Tapper would’ve been better off mentioning that while conservative media misquoted him, the news that came out of his initial comments shouldn’t even have been considered controversial. Because “Allahu Akbar” is—or can be—a beautiful phrase.
“Allahu Akbar” unites over 1.6 billion Muslims around the world, who all speak different dialects and languages, as well as Arab Greek Orthodox and Christians who use the expression. It’s a versatile, humble phrase, said about 100 times a day during our five daily prayers. It’s whispered into a newborn’s ear. It’s muttered as the last words before one’s death. It’s said at the sight of a beautiful sunset or a starry night, and roared during moments of chaos and strife. It’s a reminder that no matter how invincible or vulnerable we feel, God—the Most Gracious, the Most Merciful—is greater than all other powers and has always sought out the best for us.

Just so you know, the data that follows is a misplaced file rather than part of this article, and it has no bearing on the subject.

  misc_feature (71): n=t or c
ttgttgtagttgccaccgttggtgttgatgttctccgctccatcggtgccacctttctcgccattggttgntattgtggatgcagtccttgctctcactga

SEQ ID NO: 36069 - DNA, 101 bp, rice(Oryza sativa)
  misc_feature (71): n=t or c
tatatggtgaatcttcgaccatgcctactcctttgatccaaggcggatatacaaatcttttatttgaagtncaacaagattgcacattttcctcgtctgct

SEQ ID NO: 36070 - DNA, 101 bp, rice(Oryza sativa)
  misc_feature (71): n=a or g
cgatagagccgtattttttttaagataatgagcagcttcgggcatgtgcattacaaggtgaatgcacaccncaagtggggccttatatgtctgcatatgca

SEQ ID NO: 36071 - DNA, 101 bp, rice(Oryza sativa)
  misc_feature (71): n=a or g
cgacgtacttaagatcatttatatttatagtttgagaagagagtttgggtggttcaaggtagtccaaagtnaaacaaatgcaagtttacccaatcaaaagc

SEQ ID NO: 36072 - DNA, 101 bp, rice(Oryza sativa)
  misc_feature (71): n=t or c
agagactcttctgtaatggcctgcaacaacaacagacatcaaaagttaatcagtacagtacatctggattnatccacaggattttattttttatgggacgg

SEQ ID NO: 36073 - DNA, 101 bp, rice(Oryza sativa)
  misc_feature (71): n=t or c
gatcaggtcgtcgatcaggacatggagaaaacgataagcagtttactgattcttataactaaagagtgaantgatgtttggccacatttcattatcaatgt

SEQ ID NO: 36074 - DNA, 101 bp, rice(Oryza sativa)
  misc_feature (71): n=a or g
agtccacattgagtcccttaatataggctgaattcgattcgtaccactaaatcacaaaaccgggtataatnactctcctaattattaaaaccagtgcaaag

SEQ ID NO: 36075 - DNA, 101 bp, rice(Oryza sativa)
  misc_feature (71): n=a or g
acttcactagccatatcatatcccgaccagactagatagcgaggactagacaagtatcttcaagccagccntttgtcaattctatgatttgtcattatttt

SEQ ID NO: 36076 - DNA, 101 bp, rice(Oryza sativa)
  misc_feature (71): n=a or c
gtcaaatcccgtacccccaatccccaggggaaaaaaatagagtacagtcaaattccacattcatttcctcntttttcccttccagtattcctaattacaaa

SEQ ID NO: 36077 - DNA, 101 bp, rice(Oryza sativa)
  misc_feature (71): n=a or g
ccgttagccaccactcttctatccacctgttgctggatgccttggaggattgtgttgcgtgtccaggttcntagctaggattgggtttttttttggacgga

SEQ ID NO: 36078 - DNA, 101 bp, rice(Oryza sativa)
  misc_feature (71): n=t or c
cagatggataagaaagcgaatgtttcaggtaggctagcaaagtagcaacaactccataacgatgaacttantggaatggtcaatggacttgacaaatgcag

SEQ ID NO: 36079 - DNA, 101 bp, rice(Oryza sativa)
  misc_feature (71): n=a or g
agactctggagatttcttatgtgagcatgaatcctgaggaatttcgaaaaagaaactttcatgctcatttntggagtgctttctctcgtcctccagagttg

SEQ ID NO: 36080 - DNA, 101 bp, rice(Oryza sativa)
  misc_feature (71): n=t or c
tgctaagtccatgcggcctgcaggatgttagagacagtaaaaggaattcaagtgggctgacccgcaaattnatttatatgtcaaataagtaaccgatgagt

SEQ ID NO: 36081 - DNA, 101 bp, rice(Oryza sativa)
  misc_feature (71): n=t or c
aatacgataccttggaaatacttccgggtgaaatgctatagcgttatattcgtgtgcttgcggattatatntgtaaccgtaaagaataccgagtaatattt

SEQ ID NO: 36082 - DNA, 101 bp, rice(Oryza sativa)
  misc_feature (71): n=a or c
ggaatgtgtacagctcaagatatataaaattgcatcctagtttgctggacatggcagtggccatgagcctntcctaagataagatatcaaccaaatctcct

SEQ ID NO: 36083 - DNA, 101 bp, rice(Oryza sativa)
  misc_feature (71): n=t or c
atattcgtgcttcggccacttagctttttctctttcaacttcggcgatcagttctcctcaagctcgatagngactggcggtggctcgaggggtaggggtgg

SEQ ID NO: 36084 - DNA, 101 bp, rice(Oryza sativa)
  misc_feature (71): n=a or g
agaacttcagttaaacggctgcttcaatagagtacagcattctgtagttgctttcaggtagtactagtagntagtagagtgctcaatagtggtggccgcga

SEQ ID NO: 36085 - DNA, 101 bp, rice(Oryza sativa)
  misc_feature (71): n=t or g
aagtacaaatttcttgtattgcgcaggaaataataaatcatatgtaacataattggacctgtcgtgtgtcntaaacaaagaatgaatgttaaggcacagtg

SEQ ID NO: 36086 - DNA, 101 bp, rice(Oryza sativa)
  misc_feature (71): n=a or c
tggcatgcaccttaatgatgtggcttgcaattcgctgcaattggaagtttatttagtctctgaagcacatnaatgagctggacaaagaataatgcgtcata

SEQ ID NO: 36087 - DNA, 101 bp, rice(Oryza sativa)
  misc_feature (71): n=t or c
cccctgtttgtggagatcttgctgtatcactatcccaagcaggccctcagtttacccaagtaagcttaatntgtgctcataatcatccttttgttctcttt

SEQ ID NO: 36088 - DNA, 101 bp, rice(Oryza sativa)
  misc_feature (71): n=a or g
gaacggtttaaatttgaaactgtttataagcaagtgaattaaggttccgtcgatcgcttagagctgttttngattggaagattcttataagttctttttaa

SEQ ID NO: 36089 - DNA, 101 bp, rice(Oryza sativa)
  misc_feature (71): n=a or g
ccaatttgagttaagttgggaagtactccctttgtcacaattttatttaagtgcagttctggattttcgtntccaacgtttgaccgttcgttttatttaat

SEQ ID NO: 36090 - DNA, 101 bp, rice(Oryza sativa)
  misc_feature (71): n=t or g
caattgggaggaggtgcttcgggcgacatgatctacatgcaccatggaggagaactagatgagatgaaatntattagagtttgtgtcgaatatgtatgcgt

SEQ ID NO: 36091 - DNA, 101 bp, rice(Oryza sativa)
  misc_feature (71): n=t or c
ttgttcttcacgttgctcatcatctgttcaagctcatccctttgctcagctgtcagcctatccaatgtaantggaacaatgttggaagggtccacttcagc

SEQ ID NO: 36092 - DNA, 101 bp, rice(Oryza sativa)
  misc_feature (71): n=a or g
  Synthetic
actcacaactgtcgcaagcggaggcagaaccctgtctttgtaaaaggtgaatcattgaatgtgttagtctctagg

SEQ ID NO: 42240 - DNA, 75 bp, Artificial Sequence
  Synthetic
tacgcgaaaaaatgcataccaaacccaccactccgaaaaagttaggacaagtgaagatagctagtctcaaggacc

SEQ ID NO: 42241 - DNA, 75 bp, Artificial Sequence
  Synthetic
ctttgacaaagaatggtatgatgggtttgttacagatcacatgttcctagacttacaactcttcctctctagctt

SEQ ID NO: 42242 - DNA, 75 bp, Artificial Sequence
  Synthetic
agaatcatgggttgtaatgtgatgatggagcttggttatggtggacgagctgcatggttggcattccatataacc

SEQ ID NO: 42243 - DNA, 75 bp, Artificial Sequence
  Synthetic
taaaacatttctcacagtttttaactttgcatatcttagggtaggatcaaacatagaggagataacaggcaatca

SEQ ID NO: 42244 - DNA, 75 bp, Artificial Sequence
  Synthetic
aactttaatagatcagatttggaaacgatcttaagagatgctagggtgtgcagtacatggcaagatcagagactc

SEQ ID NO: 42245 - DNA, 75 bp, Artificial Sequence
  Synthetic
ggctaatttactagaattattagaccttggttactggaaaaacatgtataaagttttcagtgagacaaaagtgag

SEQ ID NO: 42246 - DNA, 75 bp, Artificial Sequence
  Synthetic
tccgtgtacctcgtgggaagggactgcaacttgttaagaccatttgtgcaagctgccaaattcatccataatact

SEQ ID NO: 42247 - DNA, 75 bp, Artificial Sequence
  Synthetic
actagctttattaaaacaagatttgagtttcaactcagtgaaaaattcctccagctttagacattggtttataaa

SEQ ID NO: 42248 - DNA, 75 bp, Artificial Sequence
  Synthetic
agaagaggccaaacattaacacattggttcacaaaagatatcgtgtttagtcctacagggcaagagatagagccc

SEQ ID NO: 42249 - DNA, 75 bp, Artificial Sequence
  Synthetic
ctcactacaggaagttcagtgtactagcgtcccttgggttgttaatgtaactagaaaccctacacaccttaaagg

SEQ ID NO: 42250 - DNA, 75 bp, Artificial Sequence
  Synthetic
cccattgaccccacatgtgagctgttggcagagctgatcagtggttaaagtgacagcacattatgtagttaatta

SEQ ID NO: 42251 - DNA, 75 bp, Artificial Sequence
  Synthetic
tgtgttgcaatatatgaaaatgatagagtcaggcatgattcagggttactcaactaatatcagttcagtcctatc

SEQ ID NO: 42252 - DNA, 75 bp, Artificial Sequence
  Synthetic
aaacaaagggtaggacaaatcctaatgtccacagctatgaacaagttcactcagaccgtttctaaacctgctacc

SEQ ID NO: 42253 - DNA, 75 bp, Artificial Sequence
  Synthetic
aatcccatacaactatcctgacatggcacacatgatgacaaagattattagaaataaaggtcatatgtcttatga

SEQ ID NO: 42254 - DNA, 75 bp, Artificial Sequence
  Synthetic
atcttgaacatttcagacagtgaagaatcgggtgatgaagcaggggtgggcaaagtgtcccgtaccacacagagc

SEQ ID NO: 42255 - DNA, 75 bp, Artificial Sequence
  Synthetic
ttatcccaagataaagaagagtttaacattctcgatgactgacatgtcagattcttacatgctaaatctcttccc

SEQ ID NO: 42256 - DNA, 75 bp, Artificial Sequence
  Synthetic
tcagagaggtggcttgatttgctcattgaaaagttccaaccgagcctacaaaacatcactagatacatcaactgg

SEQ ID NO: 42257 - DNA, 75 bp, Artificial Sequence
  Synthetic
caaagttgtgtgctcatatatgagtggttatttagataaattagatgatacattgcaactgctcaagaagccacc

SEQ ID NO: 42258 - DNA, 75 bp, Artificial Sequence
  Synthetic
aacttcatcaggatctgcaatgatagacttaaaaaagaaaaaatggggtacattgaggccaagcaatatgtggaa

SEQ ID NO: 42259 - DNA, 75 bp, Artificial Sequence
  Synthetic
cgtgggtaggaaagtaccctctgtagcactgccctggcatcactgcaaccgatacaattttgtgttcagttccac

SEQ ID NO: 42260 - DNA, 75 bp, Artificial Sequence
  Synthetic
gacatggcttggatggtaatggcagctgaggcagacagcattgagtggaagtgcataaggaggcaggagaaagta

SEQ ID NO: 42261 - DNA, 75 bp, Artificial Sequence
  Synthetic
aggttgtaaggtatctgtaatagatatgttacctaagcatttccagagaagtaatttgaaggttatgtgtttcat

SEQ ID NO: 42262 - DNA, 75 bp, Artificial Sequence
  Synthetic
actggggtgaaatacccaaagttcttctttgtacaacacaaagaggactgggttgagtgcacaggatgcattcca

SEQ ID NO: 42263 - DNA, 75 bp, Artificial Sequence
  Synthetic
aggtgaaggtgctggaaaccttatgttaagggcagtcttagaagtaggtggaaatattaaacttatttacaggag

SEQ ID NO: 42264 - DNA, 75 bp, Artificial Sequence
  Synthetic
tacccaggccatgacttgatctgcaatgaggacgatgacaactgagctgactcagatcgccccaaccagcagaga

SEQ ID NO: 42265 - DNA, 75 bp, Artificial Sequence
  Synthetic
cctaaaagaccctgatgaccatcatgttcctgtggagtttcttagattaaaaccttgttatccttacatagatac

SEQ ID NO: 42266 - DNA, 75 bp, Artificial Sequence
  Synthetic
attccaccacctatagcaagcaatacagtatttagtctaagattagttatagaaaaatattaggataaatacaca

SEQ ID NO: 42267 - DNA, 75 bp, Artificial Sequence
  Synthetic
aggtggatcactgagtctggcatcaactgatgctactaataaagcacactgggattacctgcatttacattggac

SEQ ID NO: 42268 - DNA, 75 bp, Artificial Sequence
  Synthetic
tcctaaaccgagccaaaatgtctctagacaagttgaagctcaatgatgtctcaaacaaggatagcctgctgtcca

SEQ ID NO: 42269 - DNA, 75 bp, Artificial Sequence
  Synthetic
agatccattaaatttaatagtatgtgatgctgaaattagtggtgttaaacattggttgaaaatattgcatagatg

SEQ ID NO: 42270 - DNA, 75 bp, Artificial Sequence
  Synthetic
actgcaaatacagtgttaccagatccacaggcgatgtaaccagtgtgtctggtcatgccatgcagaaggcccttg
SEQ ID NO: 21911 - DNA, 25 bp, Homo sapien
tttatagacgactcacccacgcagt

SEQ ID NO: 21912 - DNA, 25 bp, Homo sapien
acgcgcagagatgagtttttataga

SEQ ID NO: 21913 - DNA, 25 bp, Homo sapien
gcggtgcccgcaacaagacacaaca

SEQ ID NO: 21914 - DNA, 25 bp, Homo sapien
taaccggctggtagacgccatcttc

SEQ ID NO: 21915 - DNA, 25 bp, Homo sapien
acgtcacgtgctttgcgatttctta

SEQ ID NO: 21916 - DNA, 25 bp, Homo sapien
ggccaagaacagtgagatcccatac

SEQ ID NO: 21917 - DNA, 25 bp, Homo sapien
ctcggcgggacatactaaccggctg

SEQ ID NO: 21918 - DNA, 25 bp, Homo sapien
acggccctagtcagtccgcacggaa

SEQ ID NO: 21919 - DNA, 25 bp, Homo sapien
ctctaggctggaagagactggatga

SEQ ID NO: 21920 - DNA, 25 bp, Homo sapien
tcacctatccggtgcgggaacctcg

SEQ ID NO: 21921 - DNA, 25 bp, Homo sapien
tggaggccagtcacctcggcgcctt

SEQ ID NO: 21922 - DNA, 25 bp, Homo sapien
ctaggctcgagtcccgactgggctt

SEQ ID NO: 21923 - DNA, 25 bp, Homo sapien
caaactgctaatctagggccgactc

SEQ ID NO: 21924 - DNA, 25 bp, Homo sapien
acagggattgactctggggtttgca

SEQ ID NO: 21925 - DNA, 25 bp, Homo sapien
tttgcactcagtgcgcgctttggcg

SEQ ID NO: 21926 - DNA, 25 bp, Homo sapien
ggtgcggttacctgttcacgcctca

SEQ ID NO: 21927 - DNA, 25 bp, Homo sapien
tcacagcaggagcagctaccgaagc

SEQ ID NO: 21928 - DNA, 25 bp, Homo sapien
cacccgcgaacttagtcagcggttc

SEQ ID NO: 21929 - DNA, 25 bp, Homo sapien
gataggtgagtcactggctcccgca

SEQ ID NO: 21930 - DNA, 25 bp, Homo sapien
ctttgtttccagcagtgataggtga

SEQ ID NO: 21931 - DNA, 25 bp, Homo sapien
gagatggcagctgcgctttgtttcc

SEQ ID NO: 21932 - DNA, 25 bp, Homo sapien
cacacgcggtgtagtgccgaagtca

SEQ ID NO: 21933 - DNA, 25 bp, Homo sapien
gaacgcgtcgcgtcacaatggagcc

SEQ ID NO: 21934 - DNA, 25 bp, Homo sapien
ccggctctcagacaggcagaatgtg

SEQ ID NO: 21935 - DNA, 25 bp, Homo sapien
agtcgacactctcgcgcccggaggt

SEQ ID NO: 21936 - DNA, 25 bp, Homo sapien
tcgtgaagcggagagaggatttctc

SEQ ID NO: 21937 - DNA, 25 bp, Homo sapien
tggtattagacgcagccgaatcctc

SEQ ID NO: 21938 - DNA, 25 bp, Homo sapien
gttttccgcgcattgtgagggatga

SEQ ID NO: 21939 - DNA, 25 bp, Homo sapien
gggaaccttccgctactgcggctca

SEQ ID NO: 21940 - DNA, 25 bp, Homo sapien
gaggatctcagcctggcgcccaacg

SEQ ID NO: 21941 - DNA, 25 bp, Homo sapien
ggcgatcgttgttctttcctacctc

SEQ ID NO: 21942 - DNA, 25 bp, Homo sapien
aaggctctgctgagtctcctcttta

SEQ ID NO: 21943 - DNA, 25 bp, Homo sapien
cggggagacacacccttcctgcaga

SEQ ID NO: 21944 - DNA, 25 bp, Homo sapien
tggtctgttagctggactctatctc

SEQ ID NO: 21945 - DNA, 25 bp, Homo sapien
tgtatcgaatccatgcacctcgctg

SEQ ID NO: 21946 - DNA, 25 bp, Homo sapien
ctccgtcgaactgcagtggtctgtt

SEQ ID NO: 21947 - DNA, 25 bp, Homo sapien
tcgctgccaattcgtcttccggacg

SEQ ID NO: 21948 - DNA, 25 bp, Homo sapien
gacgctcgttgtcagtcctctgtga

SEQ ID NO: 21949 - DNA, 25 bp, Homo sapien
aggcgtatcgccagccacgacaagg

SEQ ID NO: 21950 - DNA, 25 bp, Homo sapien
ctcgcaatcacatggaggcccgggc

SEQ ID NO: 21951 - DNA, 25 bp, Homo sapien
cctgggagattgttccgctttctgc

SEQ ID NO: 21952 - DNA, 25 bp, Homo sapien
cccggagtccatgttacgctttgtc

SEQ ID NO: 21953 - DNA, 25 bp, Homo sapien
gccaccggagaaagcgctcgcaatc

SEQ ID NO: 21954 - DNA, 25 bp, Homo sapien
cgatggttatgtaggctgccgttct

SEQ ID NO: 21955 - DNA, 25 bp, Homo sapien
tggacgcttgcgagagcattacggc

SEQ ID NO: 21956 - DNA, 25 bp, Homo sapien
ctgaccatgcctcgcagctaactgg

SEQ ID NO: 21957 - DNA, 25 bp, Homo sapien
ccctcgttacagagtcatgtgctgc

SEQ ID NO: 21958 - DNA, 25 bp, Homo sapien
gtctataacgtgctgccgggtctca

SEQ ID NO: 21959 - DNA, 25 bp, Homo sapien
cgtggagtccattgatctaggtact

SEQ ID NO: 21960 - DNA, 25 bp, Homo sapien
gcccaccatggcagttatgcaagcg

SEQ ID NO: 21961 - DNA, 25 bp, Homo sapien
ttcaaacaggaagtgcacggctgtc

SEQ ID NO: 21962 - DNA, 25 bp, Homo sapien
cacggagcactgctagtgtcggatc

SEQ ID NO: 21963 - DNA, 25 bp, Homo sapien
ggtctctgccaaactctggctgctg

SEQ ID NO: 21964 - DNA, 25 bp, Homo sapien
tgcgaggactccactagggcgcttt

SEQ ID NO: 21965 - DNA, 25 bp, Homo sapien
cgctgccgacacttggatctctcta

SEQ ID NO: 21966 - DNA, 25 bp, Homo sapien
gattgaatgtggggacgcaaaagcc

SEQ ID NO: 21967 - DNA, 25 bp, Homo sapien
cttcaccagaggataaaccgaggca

When it comes to certain Arabic phrases, we’ve seen Islamophobic reactions from other liberals and centrists before; Tapper’s comments are just the most recent example. Just look at Family Guy with their detonated Palestinian alarm clock scene. (The alarm clock screams “Allahu Akbar!” before blowing up the Griffin family home.) More concerning, however, are the liberal or left-leaning publications offering their platforms to allow noted anti-Muslim fanatics to criminalize Arabic expressions.
Ayaan Hirsi Ali, a favorite among some white feminists, has weaponized “Allahu Akbar” to advocate revoking the First Amendment rights of Muslims in the United States. In the aftermath of the Boston Marathon bombing, Asra Nomani—a self-proclaimed “lifelong liberal”—wrote in the Washington Post that “Inshallah,” or “God willing” in Arabic, is a “red flag.” And of course, Bill Maher, an atheist liberal who thought the N-word was a “comedian thing,” had something to say: “Every time some bomb goes off, before it goes off, somebody yells ‘Allahu Akbar!’” Maher said during his HBO “Real Time” panel in March. “I never hear anybody go ‘Merry Christmas! This one’s for the flying nun!”